To even mention this is sacrilege to hard core capitalists who will not even entertain an idea that calls into question these basic guiding principles. This concept challenges years of well learned educational indoctrination. They are somewhat incapable of thinking outside their structured box as they have never entertained the concept, nor will they accept as a premise, that there are potential limitations on growth as a result of diminishing supply. That is what makes this era, this challenge, this crisis, fundamentally different than any we have faced before. Mankind is now faced with a new age that must be defined by increases in efficiency and vastly improved management of our remaining resources.
To change directions our fixation on ROI must be now be balanced out by a new economic imperative I refer to as LES, or (Long-term Economic Sustainability) if we are to prosper. In order to establish this new more efficient economy there needs to be a clear focus on the specific kinds of industries we support. Efforts have to be enacted that advance the development of infrastructure and the redefining of consumer trends. These strategies must be geared towards that which can be harvested or produced sustainably while reducing operational costs. In addition, we must also support the technologies that help improve industry and agriculture by reuse, recycling, and maximizing efficiency based on sustainable balance. This is necessary to avoid adversely impacting our remaining natural resources. The key is funding this effort. You have to attract investment capital, and as I alluded to earlier, that will not happen until it is sufficiently profitable.
This requires an approach that focuses on creating solutions in a tiered build out, solving the issues that initially create the greatest profit and that also provide valuable fungible assets. This is essential so these assets may be then be leveraged to fund those subsequent efforts that are necessary for our long term survival but may have longer ROI‟s. To take a hap-hazard approach to so-called sustainable projects without a complete strategy for development is to almost guarantee failure. An example of this is the fact that we are currently funding a disproportionate effort to develop industries based on solving our energy issues (which has potentially higher profitability). We do this as opposed to directly cleaning up the environment, or providing the nutritious food and clean water which is needed and in increasingly short supply around the world. Though well intended, this has encouraged technologies that create energy, but are actually bad for our environment and unsustainable, such as burning garbage (which can be recycled) for energy, and using agricultural assets for bio-fuel production. While these industries may provide the benefit of creating energy, these processes also diminish our capacity to grow food, contribute to our environmental issues with the pollution they create, and add to the destruction of global bio-diversity causing more long term problems than they solve.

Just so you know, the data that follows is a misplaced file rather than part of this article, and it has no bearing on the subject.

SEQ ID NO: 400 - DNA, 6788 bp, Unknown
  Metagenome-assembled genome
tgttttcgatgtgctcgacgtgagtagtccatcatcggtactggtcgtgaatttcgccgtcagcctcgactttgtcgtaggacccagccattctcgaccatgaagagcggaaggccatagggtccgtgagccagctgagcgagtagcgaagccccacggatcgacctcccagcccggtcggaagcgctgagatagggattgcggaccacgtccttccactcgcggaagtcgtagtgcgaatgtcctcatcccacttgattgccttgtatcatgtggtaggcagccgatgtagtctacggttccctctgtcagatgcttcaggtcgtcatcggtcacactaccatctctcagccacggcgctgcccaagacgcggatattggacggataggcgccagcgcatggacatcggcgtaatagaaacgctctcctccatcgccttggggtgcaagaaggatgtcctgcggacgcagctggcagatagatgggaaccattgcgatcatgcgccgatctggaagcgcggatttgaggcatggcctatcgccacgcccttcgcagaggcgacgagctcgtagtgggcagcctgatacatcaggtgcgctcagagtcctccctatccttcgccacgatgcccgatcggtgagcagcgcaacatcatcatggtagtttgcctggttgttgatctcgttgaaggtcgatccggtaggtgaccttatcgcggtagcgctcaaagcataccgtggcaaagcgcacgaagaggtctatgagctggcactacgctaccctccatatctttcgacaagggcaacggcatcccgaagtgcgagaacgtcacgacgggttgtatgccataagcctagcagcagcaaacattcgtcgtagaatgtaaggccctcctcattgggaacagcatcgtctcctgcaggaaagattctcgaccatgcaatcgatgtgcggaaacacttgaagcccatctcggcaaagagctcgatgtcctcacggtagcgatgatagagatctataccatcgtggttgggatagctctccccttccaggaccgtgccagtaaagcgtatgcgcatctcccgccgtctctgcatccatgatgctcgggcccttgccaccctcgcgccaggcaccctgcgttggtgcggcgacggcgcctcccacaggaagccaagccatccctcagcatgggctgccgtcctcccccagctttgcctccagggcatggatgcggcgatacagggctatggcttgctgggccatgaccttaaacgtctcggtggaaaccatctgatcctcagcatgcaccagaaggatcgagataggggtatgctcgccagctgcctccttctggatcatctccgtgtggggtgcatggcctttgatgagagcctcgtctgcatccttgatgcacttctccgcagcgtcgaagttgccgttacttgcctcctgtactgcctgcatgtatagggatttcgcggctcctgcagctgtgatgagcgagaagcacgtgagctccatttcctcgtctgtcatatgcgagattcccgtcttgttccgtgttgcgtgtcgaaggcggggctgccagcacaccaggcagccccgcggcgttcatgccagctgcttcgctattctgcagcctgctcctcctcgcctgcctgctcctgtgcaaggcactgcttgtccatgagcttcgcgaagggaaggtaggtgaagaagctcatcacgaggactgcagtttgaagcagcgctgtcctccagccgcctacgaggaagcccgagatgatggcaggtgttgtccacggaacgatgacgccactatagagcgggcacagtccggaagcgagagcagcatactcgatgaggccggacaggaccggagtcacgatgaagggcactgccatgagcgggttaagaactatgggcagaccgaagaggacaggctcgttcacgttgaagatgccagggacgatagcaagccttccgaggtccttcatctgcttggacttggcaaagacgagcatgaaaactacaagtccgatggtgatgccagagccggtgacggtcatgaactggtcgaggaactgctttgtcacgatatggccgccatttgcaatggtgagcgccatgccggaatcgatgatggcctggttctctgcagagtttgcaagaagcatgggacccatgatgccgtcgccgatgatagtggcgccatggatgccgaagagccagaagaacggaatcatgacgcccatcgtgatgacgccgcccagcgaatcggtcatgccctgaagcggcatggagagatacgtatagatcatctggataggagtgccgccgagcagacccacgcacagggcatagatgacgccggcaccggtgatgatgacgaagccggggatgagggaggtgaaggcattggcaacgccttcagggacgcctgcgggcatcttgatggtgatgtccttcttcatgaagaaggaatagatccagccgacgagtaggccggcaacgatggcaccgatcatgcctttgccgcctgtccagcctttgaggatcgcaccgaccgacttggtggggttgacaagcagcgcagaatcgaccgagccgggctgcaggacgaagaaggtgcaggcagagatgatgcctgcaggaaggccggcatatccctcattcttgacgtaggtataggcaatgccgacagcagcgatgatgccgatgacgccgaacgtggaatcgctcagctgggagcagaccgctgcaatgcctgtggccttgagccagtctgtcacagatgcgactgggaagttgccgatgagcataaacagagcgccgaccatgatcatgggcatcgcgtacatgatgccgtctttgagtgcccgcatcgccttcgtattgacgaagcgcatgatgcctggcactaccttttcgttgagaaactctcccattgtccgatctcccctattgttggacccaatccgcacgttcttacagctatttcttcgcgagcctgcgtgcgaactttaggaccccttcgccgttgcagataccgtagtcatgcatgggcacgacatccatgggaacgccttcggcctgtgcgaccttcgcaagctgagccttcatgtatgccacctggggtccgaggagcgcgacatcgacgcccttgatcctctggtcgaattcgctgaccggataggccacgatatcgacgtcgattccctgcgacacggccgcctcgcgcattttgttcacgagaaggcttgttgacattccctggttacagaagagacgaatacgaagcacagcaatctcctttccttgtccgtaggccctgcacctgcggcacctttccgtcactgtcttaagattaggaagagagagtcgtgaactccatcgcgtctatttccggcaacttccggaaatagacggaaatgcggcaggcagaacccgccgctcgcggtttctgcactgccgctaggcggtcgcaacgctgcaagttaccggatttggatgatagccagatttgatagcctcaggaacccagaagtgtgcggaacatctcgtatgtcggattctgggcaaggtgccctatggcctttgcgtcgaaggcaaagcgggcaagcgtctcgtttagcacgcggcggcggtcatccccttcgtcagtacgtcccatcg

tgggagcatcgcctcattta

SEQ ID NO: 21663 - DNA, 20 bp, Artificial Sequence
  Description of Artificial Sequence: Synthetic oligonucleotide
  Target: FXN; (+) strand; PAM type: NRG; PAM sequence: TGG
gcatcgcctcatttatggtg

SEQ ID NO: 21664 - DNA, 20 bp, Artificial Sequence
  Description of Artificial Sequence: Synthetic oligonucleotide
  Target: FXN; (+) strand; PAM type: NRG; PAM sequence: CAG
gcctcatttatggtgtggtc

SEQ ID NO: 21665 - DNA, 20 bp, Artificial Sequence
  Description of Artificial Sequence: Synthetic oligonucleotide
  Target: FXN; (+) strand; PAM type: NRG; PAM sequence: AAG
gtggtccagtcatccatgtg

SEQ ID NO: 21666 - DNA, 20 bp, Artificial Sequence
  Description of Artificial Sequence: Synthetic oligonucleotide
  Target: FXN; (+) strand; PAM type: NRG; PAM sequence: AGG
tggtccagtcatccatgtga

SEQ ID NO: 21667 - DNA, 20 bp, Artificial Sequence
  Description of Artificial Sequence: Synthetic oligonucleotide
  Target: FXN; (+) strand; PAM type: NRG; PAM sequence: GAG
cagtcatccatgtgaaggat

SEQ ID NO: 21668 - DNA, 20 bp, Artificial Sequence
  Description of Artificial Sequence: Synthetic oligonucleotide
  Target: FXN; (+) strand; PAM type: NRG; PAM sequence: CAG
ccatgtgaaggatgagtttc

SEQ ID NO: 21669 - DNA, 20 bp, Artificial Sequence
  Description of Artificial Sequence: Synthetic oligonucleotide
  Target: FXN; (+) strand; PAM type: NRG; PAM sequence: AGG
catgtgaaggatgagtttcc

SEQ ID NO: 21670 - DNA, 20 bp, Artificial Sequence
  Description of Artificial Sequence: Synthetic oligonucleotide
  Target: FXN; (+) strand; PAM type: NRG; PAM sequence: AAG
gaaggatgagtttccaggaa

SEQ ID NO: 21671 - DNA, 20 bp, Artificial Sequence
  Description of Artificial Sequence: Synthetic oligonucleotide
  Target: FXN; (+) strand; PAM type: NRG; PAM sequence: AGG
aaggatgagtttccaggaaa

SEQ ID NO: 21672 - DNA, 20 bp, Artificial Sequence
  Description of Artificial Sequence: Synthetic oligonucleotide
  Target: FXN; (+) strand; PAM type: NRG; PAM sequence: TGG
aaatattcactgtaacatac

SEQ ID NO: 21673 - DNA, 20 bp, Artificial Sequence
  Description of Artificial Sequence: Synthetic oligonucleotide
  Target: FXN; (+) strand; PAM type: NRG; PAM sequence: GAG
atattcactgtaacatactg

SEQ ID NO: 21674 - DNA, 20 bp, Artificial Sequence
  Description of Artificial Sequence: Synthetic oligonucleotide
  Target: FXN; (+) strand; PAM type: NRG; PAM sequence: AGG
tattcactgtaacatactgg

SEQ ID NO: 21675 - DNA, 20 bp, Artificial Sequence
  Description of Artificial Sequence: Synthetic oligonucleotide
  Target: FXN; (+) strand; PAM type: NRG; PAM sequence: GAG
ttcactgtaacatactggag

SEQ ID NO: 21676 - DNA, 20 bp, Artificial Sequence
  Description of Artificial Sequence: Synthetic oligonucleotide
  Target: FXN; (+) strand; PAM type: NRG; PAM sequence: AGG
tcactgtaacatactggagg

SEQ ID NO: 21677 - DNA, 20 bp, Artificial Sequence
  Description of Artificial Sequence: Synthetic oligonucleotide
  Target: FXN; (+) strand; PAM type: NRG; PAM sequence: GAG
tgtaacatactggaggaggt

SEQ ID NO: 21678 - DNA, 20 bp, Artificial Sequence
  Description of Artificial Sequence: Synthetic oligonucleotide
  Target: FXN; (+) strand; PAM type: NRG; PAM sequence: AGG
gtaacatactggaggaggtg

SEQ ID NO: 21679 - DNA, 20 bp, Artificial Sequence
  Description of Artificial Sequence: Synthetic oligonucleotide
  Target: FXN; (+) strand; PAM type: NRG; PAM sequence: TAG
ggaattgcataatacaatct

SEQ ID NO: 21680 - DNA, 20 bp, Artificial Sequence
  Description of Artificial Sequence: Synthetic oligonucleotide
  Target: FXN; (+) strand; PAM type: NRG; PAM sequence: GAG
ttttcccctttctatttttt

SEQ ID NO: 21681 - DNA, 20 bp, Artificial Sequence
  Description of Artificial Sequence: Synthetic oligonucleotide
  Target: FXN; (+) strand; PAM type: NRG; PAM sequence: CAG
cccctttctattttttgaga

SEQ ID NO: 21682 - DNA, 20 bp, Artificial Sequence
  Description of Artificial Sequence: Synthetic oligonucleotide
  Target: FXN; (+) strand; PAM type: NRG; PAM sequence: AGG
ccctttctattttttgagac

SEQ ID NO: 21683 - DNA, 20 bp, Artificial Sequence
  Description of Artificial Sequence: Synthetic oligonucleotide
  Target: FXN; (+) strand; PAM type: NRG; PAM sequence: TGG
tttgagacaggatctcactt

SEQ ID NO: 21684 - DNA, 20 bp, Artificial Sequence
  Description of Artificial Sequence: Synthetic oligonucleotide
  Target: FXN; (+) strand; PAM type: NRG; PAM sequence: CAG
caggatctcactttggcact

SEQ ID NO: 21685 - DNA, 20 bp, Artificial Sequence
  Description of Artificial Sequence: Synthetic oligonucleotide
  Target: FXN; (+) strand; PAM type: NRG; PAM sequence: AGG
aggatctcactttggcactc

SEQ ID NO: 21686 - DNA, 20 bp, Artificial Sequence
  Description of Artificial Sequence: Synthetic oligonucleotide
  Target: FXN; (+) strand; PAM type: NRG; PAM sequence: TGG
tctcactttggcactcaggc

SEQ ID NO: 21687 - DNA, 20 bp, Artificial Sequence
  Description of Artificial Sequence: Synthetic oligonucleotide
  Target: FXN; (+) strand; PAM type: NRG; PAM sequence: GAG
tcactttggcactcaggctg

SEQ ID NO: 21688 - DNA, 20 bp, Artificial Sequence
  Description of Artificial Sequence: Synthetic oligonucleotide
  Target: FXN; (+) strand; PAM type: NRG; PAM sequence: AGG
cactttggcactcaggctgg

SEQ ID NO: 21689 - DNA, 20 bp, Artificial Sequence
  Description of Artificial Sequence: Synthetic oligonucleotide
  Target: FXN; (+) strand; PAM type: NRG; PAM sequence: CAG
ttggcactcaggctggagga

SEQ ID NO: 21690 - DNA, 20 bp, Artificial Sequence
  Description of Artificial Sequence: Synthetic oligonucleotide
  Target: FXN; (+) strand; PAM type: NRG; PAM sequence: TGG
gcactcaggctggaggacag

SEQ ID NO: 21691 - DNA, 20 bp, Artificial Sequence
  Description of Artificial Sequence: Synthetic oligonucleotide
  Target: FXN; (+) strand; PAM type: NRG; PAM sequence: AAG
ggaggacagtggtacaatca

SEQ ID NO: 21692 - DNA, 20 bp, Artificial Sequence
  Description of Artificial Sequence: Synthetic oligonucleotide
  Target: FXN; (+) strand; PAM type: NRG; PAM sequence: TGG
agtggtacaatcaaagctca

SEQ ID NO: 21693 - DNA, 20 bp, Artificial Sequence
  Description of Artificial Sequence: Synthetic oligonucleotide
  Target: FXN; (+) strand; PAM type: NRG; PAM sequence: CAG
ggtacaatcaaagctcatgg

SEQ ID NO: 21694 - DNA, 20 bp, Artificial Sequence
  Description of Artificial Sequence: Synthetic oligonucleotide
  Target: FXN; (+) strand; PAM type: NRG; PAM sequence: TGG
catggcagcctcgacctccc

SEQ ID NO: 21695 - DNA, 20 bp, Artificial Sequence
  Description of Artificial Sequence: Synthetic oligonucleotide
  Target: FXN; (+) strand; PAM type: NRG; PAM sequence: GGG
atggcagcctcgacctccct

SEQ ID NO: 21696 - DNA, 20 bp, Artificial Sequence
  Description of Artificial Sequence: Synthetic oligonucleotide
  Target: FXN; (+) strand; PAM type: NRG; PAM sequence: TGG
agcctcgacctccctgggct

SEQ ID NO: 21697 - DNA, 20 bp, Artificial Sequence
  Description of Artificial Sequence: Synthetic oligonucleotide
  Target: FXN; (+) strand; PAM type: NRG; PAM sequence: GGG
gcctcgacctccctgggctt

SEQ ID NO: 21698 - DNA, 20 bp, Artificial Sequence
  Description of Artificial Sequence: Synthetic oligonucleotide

An option that directly addresses this issue is ISD (Integrated Sustainable Design), which bundles sustainable technologies together in an effort to increase production efficiencies and create larger profits faster. With this strategy you take a comprehensive approach to evaluating the total needs of that business, community, region etc…by designing a solution that looks at sustainability as a complete system. You are essentially linking more profitable applications to those less profitable efforts that need to be established for local populations to regain their sustainable balance. The idea from a business perspective is to create a platform attractive to investors by substantially reducing the ROI on these projects.
The importance of these enacting these approaches is that we are running out of time. Soon we will be at a crisis stage, lacking sufficient supplies of most of the resources we need to feed our population and power our industries. This will trigger a redirection of personal and business assets towards acquiring these commodities at increased price levels thus removing the excess investment monies needed to fund this build out. To keep on our current course will almost certainly insure a future where the divide between those who have, and those that have not leads to a full blown global crisis. This will not turn out well for anyone.
The hallmarks of our new economy must be based on a much higher and integrated, cooperative approach to global resource management and technology development. Education and regional empowerment must no longer be considered advantages for those who can afford them, or socio-economic bargaining chips with which we hold countries hostage. A core consideration when measuring profitability must forever be the societal costs and/or advantages that result from those business decisions. This is going to be a hard sell to died-in-the-wool capitalists who view business as a competitive battle field, see short term economic profitability as their only real goal, and consider the concept of people, cultures, and governments working together to improve the world as naïve idealism. Unless we can make it profitable for them in the short run, there will not be a long run for our children.